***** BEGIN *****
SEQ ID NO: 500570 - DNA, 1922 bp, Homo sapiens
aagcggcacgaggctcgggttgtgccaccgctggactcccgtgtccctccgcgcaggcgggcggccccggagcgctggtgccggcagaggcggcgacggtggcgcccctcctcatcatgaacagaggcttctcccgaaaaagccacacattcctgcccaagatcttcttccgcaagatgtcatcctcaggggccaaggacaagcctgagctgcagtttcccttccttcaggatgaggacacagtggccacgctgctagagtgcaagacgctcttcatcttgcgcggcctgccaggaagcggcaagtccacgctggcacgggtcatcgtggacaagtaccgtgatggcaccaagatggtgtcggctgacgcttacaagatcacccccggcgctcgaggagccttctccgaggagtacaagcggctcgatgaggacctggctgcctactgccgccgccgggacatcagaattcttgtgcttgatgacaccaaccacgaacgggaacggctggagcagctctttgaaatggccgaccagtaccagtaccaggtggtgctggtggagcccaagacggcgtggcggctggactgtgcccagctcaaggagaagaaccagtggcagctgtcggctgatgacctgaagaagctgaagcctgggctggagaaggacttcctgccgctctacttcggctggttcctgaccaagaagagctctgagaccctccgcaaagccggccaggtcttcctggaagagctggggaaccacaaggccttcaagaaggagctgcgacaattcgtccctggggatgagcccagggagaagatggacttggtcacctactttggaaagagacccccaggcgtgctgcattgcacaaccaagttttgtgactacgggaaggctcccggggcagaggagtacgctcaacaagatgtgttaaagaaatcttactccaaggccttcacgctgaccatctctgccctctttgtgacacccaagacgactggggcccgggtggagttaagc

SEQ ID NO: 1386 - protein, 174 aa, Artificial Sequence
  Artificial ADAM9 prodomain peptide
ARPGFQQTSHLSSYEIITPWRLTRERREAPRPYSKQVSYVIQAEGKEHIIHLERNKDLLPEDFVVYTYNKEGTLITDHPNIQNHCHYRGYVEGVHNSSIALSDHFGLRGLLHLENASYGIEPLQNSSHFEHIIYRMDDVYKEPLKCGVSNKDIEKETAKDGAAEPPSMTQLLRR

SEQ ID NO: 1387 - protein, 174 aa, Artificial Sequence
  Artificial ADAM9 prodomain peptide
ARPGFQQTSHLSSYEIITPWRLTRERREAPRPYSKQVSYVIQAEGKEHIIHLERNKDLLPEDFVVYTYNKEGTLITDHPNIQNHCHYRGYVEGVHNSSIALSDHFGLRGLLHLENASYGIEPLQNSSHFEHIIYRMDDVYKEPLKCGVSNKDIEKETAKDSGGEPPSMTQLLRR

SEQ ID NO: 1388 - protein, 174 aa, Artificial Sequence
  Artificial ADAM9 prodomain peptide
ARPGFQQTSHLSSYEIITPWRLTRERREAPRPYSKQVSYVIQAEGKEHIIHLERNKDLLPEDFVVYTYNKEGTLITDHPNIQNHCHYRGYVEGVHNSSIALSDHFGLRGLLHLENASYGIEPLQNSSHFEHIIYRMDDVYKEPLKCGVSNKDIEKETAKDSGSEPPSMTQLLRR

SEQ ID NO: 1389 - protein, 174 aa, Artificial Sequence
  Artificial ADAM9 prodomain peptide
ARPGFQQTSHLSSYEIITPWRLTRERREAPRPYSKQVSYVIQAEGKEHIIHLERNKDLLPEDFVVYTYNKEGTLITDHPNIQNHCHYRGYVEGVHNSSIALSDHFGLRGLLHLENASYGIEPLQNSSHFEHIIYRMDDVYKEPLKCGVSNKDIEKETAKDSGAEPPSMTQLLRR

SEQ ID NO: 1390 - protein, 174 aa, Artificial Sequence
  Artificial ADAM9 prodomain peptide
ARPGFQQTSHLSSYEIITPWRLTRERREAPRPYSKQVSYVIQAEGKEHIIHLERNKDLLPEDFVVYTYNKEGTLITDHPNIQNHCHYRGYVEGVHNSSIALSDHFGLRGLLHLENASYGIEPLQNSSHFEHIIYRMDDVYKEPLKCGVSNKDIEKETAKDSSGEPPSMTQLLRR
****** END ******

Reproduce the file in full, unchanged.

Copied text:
SEQ ID NO: 500570 - DNA, 1922 bp, Homo sapiens
aagcggcacgaggctcgggttgtgccaccgctggactcccgtgtccctccgcgcaggcgggcggccccggagcgctggtgccggcagaggcggcgacggtggcgcccctcctcatcatgaacagaggcttctcccgaaaaagccacacattcctgcccaagatcttcttccgcaagatgtcatcctcaggggccaaggacaagcctgagctgcagtttcccttccttcaggatgaggacacagtggccacgctgctagagtgcaagacgctcttcatcttgcgcggcctgccaggaagcggcaagtccacgctggcacgggtcatcgtggacaagtaccgtgatggcaccaagatggtgtcggctgacgcttacaagatcacccccggcgctcgaggagccttctccgaggagtacaagcggctcgatgaggacctggctgcctactgccgccgccgggacatcagaattcttgtgcttgatgacaccaaccacgaacgggaacggctggagcagctctttgaaatggccgaccagtaccagtaccaggtggtgctggtggagcccaagacggcgtggcggctggactgtgcccagctcaaggagaagaaccagtggcagctgtcggctgatgacctgaagaagctgaagcctgggctggagaaggacttcctgccgctctacttcggctggttcctgaccaagaagagctctgagaccctccgcaaagccggccaggtcttcctggaagagctggggaaccacaaggccttcaagaaggagctgcgacaattcgtccctggggatgagcccagggagaagatggacttggtcacctactttggaaagagacccccaggcgtgctgcattgcacaaccaagttttgtgactacgggaaggctcccggggcagaggagtacgctcaacaagatgtgttaaagaaatcttactccaaggccttcacgctgaccatctctgccctctttgtgacacccaagacgactggggcccgggtggagttaagc

SEQ ID NO: 1386 - protein, 174 aa, Artificial Sequence
  Artificial ADAM9 prodomain peptide
ARPGFQQTSHLSSYEIITPWRLTRERREAPRPYSKQVSYVIQAEGKEHIIHLERNKDLLPEDFVVYTYNKEGTLITDHPNIQNHCHYRGYVEGVHNSSIALSDHFGLRGLLHLENASYGIEPLQNSSHFEHIIYRMDDVYKEPLKCGVSNKDIEKETAKDGAAEPPSMTQLLRR

SEQ ID NO: 1387 - protein, 174 aa, Artificial Sequence
  Artificial ADAM9 prodomain peptide
ARPGFQQTSHLSSYEIITPWRLTRERREAPRPYSKQVSYVIQAEGKEHIIHLERNKDLLPEDFVVYTYNKEGTLITDHPNIQNHCHYRGYVEGVHNSSIALSDHFGLRGLLHLENASYGIEPLQNSSHFEHIIYRMDDVYKEPLKCGVSNKDIEKETAKDSGGEPPSMTQLLRR

SEQ ID NO: 1388 - protein, 174 aa, Artificial Sequence
  Artificial ADAM9 prodomain peptide
ARPGFQQTSHLSSYEIITPWRLTRERREAPRPYSKQVSYVIQAEGKEHIIHLERNKDLLPEDFVVYTYNKEGTLITDHPNIQNHCHYRGYVEGVHNSSIALSDHFGLRGLLHLENASYGIEPLQNSSHFEHIIYRMDDVYKEPLKCGVSNKDIEKETAKDSGSEPPSMTQLLRR

SEQ ID NO: 1389 - protein, 174 aa, Artificial Sequence
  Artificial ADAM9 prodomain peptide
ARPGFQQTSHLSSYEIITPWRLTRERREAPRPYSKQVSYVIQAEGKEHIIHLERNKDLLPEDFVVYTYNKEGTLITDHPNIQNHCHYRGYVEGVHNSSIALSDHFGLRGLLHLENASYGIEPLQNSSHFEHIIYRMDDVYKEPLKCGVSNKDIEKETAKDSGAEPPSMTQLLRR

SEQ ID NO: 1390 - protein, 174 aa, Artificial Sequence
  Artificial ADAM9 prodomain peptide
ARPGFQQTSHLSSYEIITPWRLTRERREAPRPYSKQVSYVIQAEGKEHIIHLERNKDLLPEDFVVYTYNKEGTLITDHPNIQNHCHYRGYVEGVHNSSIALSDHFGLRGLLHLENASYGIEPLQNSSHFEHIIYRMDDVYKEPLKCGVSNKDIEKETAKDSSGEPPSMTQLLRR